Friday Reads · On My Bookshelf

Friday Reads: A Peek at my Book Bucket List (5 of 15)

I like lists. From my blog posts, you can probably tell that I like lists. So it makes me happy to have an excuse to do a series of 15 blog posts that is essentially each a list of books I want to read.

For this review of my list, I’ll go over the next ten books on my list (sorted alphabetically) and let you know how many lists they were on, whether or not they are priority reads, whether or not they are re-reads, and whether or not I’ve read them yet.

*Side note: I used eleven lists to compile this master list. The most lists that any book was on was 10.

Prior reviews can be found here:     Post #1     Post #2     Post #3     Post #4


1. THE DEVIL IN THE WHITE CITY by ERIK LARSON

  • Number of lists: 1
  • Priority read? NO
  • New or re-read: NEW
  • Reading dates: N/A
  • Thoughts: I wasn’t sure I would like this one, because from the title it sounds like it’s a political book (white city makes me think White House) and I don’t usually like political books. However, this is NOT ABOUT THAT. Instead, it’s about a series of murders at a Chicago World’s Fair, and I remember now that I read a fantasy novel which also used this location as a place where the main characters traveled to (back in time) for something. All of a sudden this book sounds so much more interesting.
  • Added bonus: I was talking with my grandma last weekend, and she highly recommends this book. So now not only do I want to read it, but I want to read it SOON so that I can discuss it with her.

2. THE DIARY OF A YOUNG GIRL by ANNE FRANK

  • Number of lists: 2
  • Priority read? YES
  • New or re-read: NEW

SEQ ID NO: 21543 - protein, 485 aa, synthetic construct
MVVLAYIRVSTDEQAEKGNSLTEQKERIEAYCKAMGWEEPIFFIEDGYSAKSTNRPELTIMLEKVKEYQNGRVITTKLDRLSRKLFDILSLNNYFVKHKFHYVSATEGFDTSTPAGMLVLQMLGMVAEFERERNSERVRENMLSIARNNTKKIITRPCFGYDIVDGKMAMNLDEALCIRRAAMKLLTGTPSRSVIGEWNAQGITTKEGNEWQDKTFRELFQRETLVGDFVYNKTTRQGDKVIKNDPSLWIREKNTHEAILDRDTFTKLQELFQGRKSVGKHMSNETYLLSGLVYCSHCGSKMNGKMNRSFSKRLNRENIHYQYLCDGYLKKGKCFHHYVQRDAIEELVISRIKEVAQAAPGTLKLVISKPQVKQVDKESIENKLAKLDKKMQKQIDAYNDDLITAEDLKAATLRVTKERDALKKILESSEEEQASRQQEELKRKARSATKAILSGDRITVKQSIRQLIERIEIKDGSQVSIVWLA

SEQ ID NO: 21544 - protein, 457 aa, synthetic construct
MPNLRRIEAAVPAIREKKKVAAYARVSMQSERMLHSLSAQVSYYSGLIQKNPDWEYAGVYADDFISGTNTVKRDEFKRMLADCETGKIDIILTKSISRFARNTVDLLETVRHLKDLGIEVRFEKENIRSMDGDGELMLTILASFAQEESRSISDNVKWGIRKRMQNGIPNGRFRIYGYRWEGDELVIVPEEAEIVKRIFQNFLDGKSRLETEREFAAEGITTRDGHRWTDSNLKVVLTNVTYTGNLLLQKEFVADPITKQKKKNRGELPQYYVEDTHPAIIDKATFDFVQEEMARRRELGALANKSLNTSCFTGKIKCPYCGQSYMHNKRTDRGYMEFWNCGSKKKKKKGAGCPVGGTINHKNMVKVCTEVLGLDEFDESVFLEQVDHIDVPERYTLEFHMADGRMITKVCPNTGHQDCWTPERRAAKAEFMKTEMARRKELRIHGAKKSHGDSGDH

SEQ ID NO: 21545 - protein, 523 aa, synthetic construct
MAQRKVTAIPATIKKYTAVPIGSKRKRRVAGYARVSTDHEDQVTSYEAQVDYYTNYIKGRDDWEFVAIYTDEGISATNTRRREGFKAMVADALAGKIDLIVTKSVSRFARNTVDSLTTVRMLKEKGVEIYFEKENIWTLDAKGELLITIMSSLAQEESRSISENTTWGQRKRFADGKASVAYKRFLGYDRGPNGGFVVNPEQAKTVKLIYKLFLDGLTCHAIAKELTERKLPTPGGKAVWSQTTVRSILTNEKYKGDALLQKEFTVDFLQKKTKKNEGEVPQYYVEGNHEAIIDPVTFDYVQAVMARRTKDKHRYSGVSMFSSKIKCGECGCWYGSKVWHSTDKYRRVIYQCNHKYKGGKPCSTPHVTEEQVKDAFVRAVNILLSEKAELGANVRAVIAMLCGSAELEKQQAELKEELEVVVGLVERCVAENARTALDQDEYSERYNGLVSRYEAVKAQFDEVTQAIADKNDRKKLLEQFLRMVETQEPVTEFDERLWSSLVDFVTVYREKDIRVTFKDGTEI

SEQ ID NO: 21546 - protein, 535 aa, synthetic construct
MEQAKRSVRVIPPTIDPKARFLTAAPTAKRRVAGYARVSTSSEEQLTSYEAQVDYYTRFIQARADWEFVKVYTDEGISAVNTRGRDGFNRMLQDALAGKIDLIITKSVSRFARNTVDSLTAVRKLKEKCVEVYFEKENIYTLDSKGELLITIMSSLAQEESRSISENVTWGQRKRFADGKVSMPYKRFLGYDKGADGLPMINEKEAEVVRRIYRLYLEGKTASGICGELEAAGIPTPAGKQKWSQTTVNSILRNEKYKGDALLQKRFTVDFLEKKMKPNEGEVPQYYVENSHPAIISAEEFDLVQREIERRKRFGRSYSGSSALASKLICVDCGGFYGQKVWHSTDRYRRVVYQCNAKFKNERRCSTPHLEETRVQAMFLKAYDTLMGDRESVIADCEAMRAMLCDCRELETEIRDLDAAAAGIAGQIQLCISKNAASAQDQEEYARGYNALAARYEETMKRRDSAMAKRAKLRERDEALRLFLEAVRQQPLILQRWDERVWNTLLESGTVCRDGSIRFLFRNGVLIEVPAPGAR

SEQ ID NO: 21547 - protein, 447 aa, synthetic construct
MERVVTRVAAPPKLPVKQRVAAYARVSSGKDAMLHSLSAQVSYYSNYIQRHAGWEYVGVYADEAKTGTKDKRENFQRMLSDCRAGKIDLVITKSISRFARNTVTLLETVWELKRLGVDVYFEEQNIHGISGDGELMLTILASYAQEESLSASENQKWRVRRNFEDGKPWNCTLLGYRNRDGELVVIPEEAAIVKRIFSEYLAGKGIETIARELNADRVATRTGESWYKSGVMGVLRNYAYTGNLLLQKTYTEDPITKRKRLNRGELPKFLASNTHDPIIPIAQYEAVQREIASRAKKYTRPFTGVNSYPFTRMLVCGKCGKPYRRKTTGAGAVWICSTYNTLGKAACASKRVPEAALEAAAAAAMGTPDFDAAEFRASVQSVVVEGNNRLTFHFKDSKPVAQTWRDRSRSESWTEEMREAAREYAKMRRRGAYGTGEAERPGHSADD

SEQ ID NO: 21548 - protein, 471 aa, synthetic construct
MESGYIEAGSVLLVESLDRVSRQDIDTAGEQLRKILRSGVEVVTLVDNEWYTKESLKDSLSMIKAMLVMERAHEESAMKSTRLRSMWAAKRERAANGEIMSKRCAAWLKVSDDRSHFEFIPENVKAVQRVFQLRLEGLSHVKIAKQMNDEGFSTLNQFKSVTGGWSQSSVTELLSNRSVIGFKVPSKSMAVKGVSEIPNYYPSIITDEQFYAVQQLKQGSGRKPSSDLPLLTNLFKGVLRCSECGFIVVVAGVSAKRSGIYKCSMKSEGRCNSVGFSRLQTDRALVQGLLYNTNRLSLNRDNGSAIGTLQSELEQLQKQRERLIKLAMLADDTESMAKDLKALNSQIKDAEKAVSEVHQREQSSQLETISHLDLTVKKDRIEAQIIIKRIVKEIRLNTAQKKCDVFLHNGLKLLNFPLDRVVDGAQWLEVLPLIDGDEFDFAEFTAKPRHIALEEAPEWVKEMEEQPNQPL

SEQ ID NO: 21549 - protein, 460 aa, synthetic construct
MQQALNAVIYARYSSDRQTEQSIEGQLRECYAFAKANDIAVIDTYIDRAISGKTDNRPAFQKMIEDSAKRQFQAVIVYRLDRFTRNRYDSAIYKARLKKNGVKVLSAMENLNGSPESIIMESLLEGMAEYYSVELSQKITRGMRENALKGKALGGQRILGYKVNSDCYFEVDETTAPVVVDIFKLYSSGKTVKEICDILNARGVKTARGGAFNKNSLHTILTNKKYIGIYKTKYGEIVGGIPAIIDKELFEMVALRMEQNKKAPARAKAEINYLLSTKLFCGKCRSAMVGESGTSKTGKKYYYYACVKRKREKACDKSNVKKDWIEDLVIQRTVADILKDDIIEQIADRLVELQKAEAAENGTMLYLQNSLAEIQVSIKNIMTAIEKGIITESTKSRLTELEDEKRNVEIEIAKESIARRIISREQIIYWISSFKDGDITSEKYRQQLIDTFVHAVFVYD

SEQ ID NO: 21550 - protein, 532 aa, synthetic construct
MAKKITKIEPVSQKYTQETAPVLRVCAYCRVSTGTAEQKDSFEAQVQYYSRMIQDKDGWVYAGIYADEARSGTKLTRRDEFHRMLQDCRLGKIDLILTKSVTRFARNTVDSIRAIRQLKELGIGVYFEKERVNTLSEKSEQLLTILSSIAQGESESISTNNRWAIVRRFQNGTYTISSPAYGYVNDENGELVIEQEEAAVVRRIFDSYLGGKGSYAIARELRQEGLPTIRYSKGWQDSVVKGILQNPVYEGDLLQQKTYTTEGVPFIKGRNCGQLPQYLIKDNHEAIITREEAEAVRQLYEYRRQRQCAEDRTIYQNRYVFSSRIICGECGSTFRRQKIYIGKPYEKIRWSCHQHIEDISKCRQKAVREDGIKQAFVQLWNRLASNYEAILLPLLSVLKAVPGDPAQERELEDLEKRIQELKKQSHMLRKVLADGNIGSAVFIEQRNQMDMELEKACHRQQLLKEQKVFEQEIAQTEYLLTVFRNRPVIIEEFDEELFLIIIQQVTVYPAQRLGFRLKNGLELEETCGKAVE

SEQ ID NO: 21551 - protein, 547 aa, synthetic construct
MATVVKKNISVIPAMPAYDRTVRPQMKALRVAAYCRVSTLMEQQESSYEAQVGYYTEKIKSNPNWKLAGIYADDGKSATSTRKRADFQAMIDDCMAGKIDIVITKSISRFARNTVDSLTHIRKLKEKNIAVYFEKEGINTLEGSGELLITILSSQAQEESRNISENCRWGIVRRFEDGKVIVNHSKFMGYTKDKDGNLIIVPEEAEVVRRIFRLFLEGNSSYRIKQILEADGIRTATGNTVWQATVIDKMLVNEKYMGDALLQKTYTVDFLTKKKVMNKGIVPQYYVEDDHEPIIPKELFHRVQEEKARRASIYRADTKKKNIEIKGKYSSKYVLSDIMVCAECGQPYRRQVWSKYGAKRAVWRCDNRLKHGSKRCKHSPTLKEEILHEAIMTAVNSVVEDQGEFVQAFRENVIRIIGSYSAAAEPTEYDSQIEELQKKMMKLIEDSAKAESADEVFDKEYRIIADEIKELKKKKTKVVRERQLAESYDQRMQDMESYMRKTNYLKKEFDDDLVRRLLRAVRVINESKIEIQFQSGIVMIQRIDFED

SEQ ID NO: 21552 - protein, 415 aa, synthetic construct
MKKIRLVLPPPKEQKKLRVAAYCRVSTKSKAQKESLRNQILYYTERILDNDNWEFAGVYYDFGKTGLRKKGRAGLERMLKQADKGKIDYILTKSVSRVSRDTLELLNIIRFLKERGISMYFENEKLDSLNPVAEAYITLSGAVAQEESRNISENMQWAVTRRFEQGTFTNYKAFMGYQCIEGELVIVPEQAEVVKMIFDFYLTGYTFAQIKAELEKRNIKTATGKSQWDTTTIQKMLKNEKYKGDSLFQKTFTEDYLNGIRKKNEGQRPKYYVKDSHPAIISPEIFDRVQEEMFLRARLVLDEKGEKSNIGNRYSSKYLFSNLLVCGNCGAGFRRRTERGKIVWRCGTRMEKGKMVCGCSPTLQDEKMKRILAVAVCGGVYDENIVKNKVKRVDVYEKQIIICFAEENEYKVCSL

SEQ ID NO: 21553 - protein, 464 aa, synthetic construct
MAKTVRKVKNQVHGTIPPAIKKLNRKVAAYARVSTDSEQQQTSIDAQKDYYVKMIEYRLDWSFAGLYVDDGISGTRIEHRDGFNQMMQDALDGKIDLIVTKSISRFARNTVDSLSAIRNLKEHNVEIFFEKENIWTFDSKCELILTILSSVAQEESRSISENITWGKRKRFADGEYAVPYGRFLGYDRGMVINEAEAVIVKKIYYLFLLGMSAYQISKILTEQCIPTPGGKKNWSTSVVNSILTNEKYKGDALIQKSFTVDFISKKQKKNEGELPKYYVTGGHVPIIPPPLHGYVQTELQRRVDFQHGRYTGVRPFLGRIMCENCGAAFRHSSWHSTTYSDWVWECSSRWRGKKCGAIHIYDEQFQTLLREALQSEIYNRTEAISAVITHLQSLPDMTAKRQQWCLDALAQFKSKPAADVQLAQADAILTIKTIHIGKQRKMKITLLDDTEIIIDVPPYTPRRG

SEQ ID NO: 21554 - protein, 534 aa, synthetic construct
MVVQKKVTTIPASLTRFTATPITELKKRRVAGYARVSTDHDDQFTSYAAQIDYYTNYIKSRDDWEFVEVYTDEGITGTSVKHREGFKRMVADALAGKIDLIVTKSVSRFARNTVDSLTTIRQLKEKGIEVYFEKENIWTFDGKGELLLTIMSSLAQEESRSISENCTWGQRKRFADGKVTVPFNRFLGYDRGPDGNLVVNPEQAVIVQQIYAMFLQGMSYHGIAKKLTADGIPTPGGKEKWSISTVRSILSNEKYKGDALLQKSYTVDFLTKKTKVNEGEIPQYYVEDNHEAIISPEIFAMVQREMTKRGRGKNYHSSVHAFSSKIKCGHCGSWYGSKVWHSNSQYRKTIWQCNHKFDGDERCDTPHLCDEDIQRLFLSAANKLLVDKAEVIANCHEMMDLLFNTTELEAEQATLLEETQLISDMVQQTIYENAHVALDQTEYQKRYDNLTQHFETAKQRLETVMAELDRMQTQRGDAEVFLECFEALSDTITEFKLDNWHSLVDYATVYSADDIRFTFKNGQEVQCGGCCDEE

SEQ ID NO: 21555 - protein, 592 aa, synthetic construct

• Reading dates: 5/7/2018 — 5/27/2018
  • Thoughts: This was an important, and a very hard, book to read. Still, I’m very glad to have read it.

3. THE DIVINE COMEDY by DANTE ALIGHIERI

  • Number of lists: 1
  • Priority read? NO
  • New or re-read: RE-READ
  • Reading dates: N/A
  • Thoughts: I’ve read at least most of this for school. I don’t remember how much, though, and I’m curious to go back and re-visit it.

4. DON QUIXOTE by MIGUEL DE CERVANTES

  • Number of lists: 5
  • Priority read? NO
  • New or re-read: NEW
  • Reading dates: N/A
  • Thoughts: I know the story, and love the musical inspired by the novel (The Man of La Mancha). I’ve never read the book, though, and want to remedy that.

5. DOOMSDAY BOOK by CONNIE WILLIS

  • Number of lists: 1
  • Priority read? YES
  • New or re-read: NEW
  • Reading dates: 3/12/2018 — 3/24/2018
  • Thoughts: I really enjoyed this book. A LOT. It’s one of my favorite reads of 2018.

6. DRACULA by BRAM STOKER

  • Number of lists: 7
  • Priority read? NO
  • New or re-read: RE-READ
  • Reading dates: N/A
  • Thoughts: I’ve read Dracula both for school and for pleasure. It’s been a while, though, and I remember enjoying it, so I want to read it again. Oooh, maybe I’ll find an audio book with a good narrator, and listen to it this time around.

7. DUNE by FRANK HERBERT

  • Number of lists: 3
  • Priority read? YES
  • New or re-read: NEW
  • Reading dates: N/A
  • Thoughts: I’ve never read this, and don’t want to be forced to give up my Nerd Card, so I must at least attempt to read it.